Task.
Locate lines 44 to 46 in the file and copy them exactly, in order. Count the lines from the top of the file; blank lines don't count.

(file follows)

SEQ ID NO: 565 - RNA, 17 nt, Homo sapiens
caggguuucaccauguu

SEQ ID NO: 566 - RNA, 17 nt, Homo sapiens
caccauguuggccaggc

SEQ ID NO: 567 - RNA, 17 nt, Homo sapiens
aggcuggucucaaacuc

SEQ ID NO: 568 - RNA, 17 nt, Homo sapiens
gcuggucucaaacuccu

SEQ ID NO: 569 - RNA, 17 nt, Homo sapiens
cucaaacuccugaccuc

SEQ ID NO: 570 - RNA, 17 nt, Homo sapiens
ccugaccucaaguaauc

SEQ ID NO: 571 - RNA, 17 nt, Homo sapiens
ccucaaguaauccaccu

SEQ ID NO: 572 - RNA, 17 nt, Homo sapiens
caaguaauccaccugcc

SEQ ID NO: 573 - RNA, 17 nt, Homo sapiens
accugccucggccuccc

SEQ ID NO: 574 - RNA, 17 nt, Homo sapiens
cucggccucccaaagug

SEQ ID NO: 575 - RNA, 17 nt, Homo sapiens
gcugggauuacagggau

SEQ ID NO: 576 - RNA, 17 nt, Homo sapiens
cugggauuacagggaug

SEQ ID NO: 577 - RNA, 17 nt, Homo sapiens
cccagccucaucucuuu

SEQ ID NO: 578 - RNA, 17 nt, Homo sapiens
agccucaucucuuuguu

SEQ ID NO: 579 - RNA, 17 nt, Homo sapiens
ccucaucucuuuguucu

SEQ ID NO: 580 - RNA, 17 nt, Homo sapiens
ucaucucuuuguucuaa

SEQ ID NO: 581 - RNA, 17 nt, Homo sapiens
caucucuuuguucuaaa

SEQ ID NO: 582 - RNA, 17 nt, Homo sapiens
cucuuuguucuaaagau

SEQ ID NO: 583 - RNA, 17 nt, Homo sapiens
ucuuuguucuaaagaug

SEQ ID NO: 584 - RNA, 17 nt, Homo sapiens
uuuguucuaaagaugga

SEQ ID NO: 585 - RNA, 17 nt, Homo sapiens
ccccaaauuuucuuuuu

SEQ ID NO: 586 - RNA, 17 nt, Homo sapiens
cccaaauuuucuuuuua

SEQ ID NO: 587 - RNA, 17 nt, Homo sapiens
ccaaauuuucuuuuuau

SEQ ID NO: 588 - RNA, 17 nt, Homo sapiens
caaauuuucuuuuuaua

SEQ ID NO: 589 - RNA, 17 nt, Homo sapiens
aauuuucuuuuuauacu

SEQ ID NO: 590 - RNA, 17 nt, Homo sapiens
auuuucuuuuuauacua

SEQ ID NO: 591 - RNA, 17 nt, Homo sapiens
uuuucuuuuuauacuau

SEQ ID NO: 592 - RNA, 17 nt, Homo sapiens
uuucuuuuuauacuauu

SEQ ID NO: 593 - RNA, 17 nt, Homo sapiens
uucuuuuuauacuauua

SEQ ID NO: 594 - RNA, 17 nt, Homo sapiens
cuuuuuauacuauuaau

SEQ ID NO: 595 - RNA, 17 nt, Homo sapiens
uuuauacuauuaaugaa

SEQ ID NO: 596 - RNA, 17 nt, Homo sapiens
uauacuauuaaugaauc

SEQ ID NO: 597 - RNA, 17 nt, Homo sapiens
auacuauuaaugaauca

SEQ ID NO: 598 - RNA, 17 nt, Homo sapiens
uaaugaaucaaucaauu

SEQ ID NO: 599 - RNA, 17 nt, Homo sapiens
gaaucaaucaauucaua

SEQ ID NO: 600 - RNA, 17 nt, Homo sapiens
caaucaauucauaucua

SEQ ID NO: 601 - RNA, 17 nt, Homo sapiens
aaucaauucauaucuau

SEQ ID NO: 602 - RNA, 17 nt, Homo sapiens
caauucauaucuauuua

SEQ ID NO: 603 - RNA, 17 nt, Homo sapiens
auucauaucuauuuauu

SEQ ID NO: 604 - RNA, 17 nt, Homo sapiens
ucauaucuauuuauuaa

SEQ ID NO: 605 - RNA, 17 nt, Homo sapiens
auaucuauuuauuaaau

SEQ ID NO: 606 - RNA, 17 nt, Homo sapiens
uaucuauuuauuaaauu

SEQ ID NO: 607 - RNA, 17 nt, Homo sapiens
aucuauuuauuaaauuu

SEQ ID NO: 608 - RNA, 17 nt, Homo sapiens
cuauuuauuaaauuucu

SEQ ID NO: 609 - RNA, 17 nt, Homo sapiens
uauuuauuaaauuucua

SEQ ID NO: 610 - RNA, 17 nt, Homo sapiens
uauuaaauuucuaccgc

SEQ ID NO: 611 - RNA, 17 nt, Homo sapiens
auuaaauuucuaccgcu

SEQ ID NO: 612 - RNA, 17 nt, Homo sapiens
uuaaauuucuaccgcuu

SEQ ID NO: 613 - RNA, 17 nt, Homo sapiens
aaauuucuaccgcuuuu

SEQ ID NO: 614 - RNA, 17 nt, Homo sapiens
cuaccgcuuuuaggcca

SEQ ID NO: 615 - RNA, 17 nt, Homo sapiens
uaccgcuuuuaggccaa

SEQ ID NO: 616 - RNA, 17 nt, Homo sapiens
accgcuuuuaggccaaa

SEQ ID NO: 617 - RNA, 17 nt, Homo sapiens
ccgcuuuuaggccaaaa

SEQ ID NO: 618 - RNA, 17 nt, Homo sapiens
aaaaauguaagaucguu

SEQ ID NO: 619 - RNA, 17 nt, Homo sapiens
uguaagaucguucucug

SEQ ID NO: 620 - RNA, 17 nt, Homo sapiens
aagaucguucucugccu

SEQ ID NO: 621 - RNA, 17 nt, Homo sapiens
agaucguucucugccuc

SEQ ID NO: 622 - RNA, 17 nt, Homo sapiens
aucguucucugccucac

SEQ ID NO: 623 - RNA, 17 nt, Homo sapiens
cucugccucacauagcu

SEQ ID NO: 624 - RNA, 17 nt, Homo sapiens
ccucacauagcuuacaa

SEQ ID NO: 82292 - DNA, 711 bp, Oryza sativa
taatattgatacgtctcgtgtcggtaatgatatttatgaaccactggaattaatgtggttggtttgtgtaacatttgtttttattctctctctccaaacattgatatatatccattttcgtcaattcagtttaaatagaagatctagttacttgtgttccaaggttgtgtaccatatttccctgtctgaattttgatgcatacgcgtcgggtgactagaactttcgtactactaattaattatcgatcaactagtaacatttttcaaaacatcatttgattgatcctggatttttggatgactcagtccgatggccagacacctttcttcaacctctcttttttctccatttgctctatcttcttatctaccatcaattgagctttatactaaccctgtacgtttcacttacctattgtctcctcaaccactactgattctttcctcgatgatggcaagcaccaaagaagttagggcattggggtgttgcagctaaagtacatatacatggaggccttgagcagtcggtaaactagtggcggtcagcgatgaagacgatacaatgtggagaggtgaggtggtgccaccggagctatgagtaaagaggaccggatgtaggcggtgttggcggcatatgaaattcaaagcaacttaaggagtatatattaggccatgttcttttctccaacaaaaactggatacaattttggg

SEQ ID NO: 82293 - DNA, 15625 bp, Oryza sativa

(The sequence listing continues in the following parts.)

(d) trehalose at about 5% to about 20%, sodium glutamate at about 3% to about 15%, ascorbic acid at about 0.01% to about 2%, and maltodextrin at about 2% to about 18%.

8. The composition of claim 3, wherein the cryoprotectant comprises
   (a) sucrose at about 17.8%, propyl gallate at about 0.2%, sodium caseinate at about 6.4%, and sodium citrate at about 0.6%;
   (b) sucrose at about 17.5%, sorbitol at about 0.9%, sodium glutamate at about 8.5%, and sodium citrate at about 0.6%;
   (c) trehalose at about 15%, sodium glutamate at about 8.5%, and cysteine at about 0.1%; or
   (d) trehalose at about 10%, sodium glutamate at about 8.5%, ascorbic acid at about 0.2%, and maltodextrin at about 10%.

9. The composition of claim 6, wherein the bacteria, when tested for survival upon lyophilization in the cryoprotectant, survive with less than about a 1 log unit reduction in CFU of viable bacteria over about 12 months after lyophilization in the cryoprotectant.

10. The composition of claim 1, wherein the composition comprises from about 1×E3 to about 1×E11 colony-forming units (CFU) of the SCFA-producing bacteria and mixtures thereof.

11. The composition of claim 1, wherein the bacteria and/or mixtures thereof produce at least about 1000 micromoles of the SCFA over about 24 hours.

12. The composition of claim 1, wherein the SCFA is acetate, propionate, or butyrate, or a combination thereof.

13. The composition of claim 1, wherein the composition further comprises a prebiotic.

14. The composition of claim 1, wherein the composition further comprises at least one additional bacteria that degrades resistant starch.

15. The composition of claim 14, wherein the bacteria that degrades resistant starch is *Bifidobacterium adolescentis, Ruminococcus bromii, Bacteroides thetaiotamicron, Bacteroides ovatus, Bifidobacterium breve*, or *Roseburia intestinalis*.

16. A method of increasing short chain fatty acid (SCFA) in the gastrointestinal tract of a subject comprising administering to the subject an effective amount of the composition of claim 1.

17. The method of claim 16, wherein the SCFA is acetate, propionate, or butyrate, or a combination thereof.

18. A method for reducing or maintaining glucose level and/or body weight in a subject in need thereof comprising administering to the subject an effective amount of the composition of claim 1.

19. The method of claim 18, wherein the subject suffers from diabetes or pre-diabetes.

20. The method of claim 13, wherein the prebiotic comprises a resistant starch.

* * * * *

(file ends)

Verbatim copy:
cccaaauuuucuuuuua

SEQ ID NO: 587 - RNA, 17 nt, Homo sapiens
ccaaauuuucuuuuuau